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This food, that wine

Wednesday, July 25th, 2012

(by peter & susie)

Sometimes us wine pros get our knickers in a twist.

‘Big = bad’ is the default setting in a wine lover’s mind.

The big company perceived to be churning out oceans of dull, soulless, mass-produced wine is anathema to your average wine geek. By contrast, the attitude changes when it comes to your rustic type carefully manicuring his vines in a small, picturesque vineyard that just reeks of terroir.

Which is why it’s always good to challenge your preconceptions once in a while.

Today we’re announcing the results of the 2012 edition of our What Food What Wine competition, which aims to find the best wines to go with 16 classic British dishes, including Christmas favourites, beautiful curries, and staples like fish’n’chips and strawberries & cream.

A month ago we closeted ourselves away in a room with 14 other food-and-wine experts to taste through loads of wines together with the various dishes. It’s unique in this regard – almost no other competition judges wine alongside food and, while there are similar food-and-wine competitions in Sydney and Hong Kong, they deal with local dishes, as we do.

The other unique aspect of What Food What Wine is that we judge the wines completely blind. That is, we know nothing about the wines at all (they’re served in pre-poured glasses) other than whether they are over £10 retail price (ie a special occasion bottle) or under £10 retail price (ie an everyday buy). In most other competitions you know where the wine comes from, what vintage it is and which grapes it’s made from. In WFWW, we view wine as normal wine drinkers do – a nice bottle at a special or everyday price.

In What Food What Wine, there are absolutely no preconceptions. It’s a completely level playing field, and the only thing that matters is how well the wine goes with the dish.

So it’s great to have some surprises in the results (the full version of which you can find on the What Food What Wine website – as well as the option to buy).

For example, E&J Gallo, the secretive leviathan of California wine production (and a producer many wine critics love to hate for these reasons) carried off no fewer than five 5-star awards, including three trophies.

Its Barefoot Moscato – an up-and-coming wine style if ever there was one – took the top gong in both the apple crumble and strawberries and cream under £10 categories, while the Barefoot Shiraz won the trophy with lamb rogan josh under £10.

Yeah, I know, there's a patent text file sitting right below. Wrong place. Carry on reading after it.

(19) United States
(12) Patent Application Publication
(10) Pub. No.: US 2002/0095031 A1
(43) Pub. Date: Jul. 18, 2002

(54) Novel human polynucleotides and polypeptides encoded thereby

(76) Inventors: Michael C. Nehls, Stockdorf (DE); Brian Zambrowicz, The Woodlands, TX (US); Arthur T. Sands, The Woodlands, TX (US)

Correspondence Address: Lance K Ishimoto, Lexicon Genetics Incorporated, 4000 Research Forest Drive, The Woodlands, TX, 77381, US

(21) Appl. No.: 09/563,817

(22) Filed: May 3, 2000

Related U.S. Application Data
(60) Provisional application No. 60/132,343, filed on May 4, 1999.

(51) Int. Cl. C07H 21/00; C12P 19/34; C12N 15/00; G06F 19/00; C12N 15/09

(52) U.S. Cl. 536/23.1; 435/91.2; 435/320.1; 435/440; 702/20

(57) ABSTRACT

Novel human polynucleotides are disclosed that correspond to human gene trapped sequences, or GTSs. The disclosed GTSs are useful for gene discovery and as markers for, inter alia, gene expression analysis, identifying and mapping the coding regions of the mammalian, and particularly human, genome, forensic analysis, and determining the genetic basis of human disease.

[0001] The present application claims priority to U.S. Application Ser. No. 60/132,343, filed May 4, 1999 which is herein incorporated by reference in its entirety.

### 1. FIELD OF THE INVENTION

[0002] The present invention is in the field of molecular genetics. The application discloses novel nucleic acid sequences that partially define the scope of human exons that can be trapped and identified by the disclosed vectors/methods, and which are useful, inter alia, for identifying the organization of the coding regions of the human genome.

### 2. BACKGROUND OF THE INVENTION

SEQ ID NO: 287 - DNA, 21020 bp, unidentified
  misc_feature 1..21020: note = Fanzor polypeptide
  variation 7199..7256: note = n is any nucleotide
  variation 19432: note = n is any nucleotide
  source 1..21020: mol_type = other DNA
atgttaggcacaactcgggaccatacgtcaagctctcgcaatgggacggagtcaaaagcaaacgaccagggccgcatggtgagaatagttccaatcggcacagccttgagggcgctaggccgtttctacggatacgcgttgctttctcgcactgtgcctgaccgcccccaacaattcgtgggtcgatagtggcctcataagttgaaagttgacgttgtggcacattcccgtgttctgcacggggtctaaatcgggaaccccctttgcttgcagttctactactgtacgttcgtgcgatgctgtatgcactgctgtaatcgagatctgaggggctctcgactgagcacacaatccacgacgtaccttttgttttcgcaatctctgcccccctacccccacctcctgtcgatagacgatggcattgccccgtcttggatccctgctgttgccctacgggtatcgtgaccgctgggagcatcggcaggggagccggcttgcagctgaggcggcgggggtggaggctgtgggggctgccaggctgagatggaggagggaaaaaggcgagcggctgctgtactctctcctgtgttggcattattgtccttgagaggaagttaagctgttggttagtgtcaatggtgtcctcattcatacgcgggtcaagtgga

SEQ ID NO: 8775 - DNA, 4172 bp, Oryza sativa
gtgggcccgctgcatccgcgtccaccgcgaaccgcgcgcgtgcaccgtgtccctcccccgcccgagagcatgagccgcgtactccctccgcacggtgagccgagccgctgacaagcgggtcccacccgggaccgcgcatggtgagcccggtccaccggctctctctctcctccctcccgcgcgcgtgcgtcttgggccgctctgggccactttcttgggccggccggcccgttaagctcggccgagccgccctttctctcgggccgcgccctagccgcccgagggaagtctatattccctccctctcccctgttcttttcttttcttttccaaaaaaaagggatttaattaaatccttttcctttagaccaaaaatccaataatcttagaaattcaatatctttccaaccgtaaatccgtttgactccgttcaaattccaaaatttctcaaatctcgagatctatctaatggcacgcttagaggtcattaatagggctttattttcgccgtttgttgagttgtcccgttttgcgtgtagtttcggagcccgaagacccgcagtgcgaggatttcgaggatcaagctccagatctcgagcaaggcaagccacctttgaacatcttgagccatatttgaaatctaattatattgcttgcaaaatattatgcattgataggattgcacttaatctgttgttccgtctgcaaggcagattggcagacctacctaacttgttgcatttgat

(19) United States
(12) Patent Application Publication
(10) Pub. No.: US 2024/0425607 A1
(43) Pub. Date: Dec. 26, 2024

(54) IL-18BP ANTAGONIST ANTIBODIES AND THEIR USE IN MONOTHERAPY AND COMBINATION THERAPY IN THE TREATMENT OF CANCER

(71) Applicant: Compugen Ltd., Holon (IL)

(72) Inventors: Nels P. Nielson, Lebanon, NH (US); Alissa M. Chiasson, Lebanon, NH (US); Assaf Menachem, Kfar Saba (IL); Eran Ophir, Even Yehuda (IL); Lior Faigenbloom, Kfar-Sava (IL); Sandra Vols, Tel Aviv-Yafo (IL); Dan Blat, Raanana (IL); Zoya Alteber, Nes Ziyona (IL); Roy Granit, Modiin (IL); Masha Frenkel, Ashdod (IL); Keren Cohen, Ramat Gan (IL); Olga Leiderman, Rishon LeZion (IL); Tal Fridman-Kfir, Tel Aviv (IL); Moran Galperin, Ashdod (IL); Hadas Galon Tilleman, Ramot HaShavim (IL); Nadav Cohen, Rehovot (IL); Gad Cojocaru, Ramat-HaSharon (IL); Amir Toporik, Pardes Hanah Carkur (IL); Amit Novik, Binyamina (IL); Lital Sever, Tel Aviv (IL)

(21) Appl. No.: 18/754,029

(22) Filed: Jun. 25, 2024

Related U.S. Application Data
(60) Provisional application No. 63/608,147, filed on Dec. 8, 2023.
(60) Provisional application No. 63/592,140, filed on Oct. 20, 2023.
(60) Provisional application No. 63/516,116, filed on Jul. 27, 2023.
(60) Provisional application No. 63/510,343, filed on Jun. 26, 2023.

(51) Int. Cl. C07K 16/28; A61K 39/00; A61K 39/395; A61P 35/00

OK, so the wines are winning in the value categories, but it’s a vindication of the blind judging policy, and a refreshing result if ever there was one.

Other surprising results included an extremely versatile Hungarian rosé going by the name of Spice Trail 2011, a blend of Pinot Noir and the local Kekfrankos variety, which won the Cracking with Curry trophy for making it through to the final trophy judging with all four Indian dishes.

Fish and chips was one of the most hotly contested categories and three trophy winners emerged. Morrisons the Best New Zealand Sauvignon Blanc 2011 took one gong, while Aldi’s Philippe Michel Cremant de Jura 2009 took the ‘Fizz and Chips’ trophy and Bodegas Hidalgo took a special trophy award for its La Gitana Manzanilla, a scintillating pairing.

In other results the Nobilo Icon Marlborough Pinot Noir 2010 achieved a rare double whammy by winning trophies in the mushroom risotto over £10 and prawn curry over £10 categories. Jenkyn Place flew the English flag, awarded 5 stars for the pairing of its Brut 2008 fizz with smoked salmon. Meanwhile, the Grant Burge 10-year-old tawny proved a sensational pairing with the stilton.

It was interesting to note that New Zealand was by far the most decorated country in the top flight, with nine trophies from twelve 5-star awards. The next country in trophy terms was Spain, with four, while the 5-star awards runners up were Chile and France, with nine each.

But top award winners came from all over – from the Loire to Aconcagua, from the Portugal to Hampshire, from big and small, New World and Old, pricey and eminently affordable.

That’s the beauty of a competition like this – quite apart from coming up with some brilliant wine matches for a raft of our favourite dishes. Whether or not you agree with our results, we’d urge you to try some, and hopefully you’ll see what we’re getting excited about.

Hopefully it won’t result in any knickers getting twisted.

(As a postscript, you can come and taste many of the award-winning wines, together with the delicious dishes, at what has to be the most indulgent event in London this year – What Food What Wine Live at Lord’s cricket ground on Saturday 24th November. Tickets are £35 and you can buy them via this link.)



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